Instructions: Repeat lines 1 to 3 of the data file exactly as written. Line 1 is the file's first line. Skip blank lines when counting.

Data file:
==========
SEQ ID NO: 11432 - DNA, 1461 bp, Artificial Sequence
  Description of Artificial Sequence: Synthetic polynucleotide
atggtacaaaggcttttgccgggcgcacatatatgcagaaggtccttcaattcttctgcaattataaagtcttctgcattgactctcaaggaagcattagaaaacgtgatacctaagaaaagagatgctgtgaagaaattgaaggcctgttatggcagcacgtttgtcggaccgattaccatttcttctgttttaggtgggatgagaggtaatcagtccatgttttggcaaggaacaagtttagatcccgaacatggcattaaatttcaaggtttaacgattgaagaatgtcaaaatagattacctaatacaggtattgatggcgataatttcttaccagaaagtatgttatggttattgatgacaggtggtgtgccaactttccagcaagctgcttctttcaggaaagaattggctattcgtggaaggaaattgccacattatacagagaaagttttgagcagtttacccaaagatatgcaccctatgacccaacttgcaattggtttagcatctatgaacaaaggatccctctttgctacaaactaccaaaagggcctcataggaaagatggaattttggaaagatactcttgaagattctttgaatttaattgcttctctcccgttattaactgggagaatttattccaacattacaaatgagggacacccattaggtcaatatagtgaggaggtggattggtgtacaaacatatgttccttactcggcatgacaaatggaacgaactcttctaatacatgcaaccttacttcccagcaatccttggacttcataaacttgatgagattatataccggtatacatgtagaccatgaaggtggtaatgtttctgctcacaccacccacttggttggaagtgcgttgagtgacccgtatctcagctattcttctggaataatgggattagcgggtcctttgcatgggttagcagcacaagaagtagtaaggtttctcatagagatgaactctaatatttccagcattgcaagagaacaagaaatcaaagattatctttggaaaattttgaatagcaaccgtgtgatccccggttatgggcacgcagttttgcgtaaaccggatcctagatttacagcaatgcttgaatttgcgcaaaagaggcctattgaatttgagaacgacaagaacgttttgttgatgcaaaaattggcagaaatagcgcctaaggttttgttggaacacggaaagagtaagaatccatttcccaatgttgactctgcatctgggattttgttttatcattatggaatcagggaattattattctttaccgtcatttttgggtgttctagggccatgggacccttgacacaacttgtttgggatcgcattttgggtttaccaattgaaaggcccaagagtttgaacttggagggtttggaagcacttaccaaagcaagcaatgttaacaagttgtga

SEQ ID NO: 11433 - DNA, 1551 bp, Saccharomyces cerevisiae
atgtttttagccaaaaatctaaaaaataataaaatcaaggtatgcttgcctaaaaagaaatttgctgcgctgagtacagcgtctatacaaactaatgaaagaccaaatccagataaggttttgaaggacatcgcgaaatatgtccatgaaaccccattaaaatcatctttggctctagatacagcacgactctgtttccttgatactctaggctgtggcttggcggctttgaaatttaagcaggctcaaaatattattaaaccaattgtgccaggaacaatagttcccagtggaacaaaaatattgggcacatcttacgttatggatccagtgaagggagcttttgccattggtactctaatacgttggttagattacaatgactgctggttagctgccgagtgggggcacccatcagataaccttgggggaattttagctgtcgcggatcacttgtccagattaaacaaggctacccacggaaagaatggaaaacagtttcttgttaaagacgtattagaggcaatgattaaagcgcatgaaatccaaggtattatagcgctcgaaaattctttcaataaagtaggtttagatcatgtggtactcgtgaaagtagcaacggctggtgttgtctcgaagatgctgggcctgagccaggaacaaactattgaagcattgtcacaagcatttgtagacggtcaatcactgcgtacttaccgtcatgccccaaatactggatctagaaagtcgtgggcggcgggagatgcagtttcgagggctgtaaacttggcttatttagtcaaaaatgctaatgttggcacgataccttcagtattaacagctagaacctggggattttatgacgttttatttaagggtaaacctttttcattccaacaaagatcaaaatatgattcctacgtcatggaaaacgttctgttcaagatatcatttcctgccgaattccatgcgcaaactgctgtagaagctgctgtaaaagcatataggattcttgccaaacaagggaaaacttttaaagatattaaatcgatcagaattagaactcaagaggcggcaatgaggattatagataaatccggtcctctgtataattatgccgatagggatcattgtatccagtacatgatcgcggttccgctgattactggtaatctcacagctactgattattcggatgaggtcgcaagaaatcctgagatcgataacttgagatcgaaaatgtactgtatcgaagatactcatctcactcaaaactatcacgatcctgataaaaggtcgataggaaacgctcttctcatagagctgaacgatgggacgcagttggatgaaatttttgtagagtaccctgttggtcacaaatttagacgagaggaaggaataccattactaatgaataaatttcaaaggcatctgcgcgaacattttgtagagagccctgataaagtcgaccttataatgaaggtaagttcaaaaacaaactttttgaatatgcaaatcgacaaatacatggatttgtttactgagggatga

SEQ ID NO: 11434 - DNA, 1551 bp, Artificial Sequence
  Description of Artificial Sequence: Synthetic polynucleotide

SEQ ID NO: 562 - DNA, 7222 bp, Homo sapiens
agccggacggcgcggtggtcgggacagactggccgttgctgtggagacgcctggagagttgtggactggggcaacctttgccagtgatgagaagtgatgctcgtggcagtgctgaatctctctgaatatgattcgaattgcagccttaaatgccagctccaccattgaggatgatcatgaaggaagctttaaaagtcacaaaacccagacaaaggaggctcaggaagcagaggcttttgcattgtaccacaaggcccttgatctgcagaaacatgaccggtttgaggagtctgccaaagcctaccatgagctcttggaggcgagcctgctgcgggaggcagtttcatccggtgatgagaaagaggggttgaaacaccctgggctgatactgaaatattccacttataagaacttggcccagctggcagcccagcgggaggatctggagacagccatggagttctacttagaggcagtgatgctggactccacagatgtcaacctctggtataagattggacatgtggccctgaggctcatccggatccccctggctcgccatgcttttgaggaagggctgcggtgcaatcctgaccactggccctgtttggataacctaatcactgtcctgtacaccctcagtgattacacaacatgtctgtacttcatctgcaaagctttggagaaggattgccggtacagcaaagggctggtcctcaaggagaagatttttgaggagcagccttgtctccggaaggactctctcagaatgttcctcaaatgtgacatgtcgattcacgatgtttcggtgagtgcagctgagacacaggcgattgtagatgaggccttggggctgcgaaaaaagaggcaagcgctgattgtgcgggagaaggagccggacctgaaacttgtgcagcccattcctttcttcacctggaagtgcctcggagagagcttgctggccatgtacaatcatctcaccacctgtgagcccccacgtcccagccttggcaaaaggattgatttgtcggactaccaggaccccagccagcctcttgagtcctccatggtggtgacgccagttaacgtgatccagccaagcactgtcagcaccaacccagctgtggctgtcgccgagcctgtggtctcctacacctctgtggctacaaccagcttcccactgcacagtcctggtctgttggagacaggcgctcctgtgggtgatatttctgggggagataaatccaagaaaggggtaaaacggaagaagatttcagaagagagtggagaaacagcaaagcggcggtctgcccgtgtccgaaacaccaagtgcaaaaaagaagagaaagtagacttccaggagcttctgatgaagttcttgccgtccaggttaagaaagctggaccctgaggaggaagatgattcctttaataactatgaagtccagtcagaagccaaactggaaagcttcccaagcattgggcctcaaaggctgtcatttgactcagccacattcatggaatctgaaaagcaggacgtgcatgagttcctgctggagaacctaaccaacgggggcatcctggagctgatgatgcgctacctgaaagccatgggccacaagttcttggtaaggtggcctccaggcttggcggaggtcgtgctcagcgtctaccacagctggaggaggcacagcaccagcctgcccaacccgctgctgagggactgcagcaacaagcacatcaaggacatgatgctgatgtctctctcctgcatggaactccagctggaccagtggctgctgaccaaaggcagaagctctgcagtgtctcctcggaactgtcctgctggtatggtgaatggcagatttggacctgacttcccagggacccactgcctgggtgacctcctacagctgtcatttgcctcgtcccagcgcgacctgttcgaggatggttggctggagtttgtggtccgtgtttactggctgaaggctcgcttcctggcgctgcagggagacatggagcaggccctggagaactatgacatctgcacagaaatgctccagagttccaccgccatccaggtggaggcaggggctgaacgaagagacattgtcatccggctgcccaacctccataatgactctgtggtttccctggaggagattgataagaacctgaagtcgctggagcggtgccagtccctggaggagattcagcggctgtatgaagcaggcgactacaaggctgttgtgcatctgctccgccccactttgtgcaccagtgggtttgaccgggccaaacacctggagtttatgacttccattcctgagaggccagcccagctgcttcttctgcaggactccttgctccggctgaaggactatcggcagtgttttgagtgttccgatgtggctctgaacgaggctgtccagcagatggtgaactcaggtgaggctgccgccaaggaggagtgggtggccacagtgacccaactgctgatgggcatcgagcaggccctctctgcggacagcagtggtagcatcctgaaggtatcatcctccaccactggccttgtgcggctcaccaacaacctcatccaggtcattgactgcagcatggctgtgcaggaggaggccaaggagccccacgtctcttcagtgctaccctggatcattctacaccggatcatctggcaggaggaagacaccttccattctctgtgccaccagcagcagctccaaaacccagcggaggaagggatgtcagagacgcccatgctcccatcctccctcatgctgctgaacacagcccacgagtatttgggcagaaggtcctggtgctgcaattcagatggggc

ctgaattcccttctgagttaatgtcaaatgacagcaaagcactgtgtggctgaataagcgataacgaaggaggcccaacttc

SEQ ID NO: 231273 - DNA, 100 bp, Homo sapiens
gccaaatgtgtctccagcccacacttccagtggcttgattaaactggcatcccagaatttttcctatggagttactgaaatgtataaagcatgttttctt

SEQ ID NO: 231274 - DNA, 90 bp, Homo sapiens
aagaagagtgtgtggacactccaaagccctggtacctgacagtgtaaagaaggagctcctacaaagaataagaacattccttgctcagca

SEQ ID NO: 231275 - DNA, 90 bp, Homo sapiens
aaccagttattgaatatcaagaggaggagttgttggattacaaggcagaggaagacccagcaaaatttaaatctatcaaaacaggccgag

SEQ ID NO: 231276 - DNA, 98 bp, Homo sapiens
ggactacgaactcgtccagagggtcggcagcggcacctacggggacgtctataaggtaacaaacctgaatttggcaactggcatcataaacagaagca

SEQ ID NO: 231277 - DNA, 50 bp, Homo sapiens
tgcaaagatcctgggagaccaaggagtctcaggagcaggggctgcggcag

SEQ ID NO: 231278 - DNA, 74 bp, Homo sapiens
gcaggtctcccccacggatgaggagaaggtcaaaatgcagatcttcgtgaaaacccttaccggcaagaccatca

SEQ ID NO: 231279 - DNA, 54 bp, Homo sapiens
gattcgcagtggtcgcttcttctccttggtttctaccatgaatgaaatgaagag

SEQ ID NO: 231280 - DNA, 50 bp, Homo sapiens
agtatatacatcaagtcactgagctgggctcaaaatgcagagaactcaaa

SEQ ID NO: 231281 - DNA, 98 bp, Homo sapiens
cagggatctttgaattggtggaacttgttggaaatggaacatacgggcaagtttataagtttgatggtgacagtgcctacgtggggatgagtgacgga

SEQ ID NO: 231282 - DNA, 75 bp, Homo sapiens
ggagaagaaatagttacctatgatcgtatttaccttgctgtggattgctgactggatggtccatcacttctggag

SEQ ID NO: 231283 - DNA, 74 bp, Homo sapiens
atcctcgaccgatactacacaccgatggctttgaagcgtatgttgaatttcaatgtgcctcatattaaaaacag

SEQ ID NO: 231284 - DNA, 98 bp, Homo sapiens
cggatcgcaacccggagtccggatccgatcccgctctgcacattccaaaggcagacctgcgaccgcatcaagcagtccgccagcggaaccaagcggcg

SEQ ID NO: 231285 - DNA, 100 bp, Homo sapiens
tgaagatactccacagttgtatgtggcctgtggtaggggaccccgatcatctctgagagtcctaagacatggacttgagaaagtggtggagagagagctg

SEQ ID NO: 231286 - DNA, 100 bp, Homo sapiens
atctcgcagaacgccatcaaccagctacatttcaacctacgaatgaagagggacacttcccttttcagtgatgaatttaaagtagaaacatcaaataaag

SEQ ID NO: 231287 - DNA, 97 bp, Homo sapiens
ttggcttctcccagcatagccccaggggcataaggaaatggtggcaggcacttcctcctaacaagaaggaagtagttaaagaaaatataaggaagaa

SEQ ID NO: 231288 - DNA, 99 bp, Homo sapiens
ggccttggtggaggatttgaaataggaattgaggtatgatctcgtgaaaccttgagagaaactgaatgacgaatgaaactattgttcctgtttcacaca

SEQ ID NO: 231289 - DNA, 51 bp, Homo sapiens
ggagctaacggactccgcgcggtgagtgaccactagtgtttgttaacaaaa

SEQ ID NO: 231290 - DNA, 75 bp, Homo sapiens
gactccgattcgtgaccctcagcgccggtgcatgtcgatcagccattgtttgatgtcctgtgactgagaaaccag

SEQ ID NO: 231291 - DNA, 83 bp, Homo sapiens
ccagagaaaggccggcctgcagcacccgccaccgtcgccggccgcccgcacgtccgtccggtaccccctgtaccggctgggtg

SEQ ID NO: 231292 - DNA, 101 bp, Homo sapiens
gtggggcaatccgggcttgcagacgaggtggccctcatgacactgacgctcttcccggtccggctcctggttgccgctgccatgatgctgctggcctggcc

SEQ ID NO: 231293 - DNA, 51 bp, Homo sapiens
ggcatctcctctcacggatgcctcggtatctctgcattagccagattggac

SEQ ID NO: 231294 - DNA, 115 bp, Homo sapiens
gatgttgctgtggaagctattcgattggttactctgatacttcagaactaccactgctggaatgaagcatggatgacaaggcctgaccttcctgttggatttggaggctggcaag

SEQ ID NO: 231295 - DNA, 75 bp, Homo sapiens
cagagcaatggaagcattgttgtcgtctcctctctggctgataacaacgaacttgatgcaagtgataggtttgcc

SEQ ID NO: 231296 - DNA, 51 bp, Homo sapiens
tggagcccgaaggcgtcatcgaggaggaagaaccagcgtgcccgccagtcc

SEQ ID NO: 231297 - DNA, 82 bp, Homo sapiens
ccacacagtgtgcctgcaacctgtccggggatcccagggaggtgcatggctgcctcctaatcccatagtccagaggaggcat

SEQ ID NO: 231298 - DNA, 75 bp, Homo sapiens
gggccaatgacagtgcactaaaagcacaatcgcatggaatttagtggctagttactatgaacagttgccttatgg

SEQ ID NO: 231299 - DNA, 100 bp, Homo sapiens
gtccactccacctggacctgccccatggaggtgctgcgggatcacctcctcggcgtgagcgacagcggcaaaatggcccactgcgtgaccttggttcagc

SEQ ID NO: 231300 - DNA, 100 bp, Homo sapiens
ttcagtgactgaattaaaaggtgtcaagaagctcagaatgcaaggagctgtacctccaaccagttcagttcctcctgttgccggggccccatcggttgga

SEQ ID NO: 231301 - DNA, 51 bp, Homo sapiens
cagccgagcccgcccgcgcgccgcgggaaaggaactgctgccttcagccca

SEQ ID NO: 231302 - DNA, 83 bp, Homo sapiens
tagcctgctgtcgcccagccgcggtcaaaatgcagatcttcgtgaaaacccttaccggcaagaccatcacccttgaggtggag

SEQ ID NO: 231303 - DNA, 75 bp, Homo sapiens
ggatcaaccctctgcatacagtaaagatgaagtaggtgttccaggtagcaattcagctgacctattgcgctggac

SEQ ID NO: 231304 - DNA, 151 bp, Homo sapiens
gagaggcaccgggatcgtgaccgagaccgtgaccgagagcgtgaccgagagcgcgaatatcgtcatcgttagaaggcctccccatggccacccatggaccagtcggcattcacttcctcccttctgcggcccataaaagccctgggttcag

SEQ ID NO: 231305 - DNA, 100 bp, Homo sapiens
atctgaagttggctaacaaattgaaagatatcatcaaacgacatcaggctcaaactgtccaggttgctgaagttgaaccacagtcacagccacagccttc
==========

SEQ ID NO: 11432 - DNA, 1461 bp, Artificial Sequence
  Description of Artificial Sequence: Synthetic polynucleotide
atggtacaaaggcttttgccgggcgcacatatatgcagaaggtccttcaattcttctgcaattataaagtcttctgcattgactctcaaggaagcattagaaaacgtgatacctaagaaaagagatgctgtgaagaaattgaaggcctgttatggcagcacgtttgtcggaccgattaccatttcttctgttttaggtgggatgagaggtaatcagtccatgttttggcaaggaacaagtttagatcccgaacatggcattaaatttcaaggtttaacgattgaagaatgtcaaaatagattacctaatacaggtattgatggcgataatttcttaccagaaagtatgttatggttattgatgacaggtggtgtgccaactttccagcaagctgcttctttcaggaaagaattggctattcgtggaaggaaattgccacattatacagagaaagttttgagcagtttacccaaagatatgcaccctatgacccaacttgcaattggtttagcatctatgaacaaaggatccctctttgctacaaactaccaaaagggcctcataggaaagatggaattttggaaagatactcttgaagattctttgaatttaattgcttctctcccgttattaactgggagaatttattccaacattacaaatgagggacacccattaggtcaatatagtgaggaggtggattggtgtacaaacatatgttccttactcggcatgacaaatggaacgaactcttctaatacatgcaaccttacttcccagcaatccttggacttcataaacttgatgagattatataccggtatacatgtagaccatgaaggtggtaatgtttctgctcacaccacccacttggttggaagtgcgttgagtgacccgtatctcagctattcttctggaataatgggattagcgggtcctttgcatgggttagcagcacaagaagtagtaaggtttctcatagagatgaactctaatatttccagcattgcaagagaacaagaaatcaaagattatctttggaaaattttgaatagcaaccgtgtgatccccggttatgggcacgcagttttgcgtaaaccggatcctagatttacagcaatgcttgaatttgcgcaaaagaggcctattgaatttgagaacgacaagaacgttttgttgatgcaaaaattggcagaaatagcgcctaaggttttgttggaacacggaaagagtaagaatccatttcccaatgttgactctgcatctgggattttgttttatcattatggaatcagggaattattattctttaccgtcatttttgggtgttctagggccatgggacccttgacacaacttgtttgggatcgcattttgggtttaccaattgaaaggcccaagagtttgaacttggagggtttggaagcacttaccaaagcaagcaatgttaacaagttgtga